The scriptures speak of marriages occurring even till the end of time. Most of us want someone to share our life with, but too often, such unions fail. Why? I asked my daughter Hannah Eaton, who recently married as a newly-confirmed Catholic. Here is her heartfelt answer worth reading.
The Frugal Catholic--What have you noticed is diffenent about your marriage versus the marriages of your non-Catholic friends?
Hannah Eaton--When Albert and I met, we both had the standard order of faith that adults our age do: we believed in God, as long as it didn't get in the way of Sunday football. It was more profound than being spiritual, yet very far from being devoted or committed.
Skip ahead a couple of years--one fat black lab, living in a tiny home that never stops smelling like pasta sauce, a wicker basket of clean laundry, and another for almost clean laundry--you'll find us both at mass, every Sunday. EVERY Sunday. However, it was a long road to get here.
Our actual wedding day was an absolute mess. The photographer, whom I had hired through Facebook, didn't show up. A relative dropped out of the wedding party just days before, and the baker for the red-velvet wedding cake either forgot or decided not to put sugar into the mixture. A limited number of family and friends came because of COVID. And the number of religious affiliations from those who attended spanned from Wiccan to whatever it is Justin Bieber keeps singing about in his faith journey. It felt like chaos, and it was. Until we were there at the altar, and then it was the closest thing I have felt to peace.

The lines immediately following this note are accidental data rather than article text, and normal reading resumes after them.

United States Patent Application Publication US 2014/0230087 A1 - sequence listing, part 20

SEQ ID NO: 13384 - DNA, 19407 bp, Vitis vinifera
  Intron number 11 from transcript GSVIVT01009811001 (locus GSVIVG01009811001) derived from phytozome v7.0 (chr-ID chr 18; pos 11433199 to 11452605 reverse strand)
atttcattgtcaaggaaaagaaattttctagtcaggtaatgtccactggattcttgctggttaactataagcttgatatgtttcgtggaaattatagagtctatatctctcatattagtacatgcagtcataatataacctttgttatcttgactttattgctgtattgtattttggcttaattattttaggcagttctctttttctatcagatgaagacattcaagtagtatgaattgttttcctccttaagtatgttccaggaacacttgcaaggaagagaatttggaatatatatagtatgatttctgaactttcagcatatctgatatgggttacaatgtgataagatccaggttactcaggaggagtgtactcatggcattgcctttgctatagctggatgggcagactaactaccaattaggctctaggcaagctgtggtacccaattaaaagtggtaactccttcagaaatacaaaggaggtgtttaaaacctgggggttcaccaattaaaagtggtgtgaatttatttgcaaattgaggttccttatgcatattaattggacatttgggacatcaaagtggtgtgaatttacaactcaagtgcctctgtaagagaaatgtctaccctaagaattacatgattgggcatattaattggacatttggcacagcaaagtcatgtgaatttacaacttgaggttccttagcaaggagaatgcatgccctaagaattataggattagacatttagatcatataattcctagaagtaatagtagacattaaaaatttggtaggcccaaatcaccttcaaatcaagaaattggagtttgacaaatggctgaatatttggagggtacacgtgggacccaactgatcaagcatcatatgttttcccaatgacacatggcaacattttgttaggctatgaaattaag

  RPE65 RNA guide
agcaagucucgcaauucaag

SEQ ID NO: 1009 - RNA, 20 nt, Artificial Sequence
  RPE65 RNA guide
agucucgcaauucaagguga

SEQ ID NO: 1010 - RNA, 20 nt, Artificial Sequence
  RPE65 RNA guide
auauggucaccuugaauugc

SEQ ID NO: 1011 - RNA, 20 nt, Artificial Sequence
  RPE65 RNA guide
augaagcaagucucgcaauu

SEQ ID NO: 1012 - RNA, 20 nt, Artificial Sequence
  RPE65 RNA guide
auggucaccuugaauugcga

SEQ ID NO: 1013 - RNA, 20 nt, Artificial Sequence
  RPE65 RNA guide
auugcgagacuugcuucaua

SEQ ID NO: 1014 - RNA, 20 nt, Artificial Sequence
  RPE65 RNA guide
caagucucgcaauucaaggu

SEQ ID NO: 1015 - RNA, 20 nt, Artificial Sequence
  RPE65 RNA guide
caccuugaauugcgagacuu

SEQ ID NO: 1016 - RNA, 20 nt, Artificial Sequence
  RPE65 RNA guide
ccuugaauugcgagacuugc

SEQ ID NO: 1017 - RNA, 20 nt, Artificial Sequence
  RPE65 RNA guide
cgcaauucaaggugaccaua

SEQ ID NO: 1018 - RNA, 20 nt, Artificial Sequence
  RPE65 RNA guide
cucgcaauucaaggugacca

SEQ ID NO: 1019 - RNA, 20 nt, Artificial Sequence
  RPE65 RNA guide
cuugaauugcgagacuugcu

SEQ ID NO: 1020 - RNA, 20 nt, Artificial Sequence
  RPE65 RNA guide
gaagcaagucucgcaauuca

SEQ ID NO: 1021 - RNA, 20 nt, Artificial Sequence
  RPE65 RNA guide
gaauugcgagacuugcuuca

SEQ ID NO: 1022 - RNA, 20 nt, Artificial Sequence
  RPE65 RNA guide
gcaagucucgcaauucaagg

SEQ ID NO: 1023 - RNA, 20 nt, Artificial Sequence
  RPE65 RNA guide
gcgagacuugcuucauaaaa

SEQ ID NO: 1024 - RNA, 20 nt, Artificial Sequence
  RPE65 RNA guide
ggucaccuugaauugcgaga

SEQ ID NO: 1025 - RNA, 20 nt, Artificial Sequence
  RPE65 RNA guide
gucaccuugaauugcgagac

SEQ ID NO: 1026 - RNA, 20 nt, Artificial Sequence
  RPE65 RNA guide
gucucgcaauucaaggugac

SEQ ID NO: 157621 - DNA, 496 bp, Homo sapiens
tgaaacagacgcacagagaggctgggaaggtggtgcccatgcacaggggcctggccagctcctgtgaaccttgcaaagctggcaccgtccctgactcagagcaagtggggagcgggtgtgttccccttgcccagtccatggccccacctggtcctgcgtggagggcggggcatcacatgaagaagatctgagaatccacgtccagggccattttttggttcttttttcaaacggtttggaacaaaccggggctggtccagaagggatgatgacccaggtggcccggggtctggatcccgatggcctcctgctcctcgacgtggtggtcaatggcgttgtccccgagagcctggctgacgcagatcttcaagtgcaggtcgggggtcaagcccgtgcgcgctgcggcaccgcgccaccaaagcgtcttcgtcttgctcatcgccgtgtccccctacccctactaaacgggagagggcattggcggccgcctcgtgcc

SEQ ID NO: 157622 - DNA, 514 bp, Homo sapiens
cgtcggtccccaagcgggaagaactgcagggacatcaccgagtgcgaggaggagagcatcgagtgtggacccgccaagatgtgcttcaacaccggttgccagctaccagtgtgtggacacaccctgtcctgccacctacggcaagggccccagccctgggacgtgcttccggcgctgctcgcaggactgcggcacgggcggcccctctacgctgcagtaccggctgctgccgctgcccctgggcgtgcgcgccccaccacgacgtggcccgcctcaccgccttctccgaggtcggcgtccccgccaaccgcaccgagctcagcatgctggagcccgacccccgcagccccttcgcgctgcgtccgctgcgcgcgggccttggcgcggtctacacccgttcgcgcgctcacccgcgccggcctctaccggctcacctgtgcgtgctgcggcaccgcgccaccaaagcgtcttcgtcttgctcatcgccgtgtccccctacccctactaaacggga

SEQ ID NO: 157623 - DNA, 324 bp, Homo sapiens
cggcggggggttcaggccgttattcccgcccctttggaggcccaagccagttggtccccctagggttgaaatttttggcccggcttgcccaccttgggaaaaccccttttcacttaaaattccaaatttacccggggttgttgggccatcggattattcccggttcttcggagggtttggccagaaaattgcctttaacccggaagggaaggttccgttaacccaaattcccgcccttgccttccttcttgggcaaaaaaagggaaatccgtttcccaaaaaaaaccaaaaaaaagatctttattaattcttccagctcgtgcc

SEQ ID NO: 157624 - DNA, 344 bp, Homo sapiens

This is why. When we took our vows, God was there. The Holy Spirit was there. Jesus was there. It wasn't an "I do contract." It was a "we do contract."
You can feel that kind of contract love from the photos I have seen on Facebook of our friends kissing in tuxedos and white dresses against a mountaintop backdrop. That wasn't what happened with us. It was faith because it wasn't love we were committing ourselves to.
Here we are six months later. After we miscarried our first child in the summer, it wasn't love for each other we held onto to understand why our baby went to Heaven before us: it was faith that we clung to. Even cried out to. Love did not help me survive that because love is for me, BUT faith is for three.
So, we miss out on many things from being a devout Catholic couple: Such activities as skiing on the weekends, vacations, even little things like catching up on sleep or getting the laundry from the clean basket folded. I see other couples our age or in the same state in their marriage showcasing their love by what they're doing. When I see those photos now, they make me feel tired. To trade faith for love would be exhausting because love takes ugly turns; it runs out; it lets you down. Belief in a marriage stays, grows, survives, holds you both when neither can hold each other.
I want three in our marriage. I need three in our marriage. That is what being a Catholic couple has given us.
Hannah and Albert Eaton
Martha Wild King, M.Ed., Author
The Frugal Catholic: Learn to live on less to give and save more.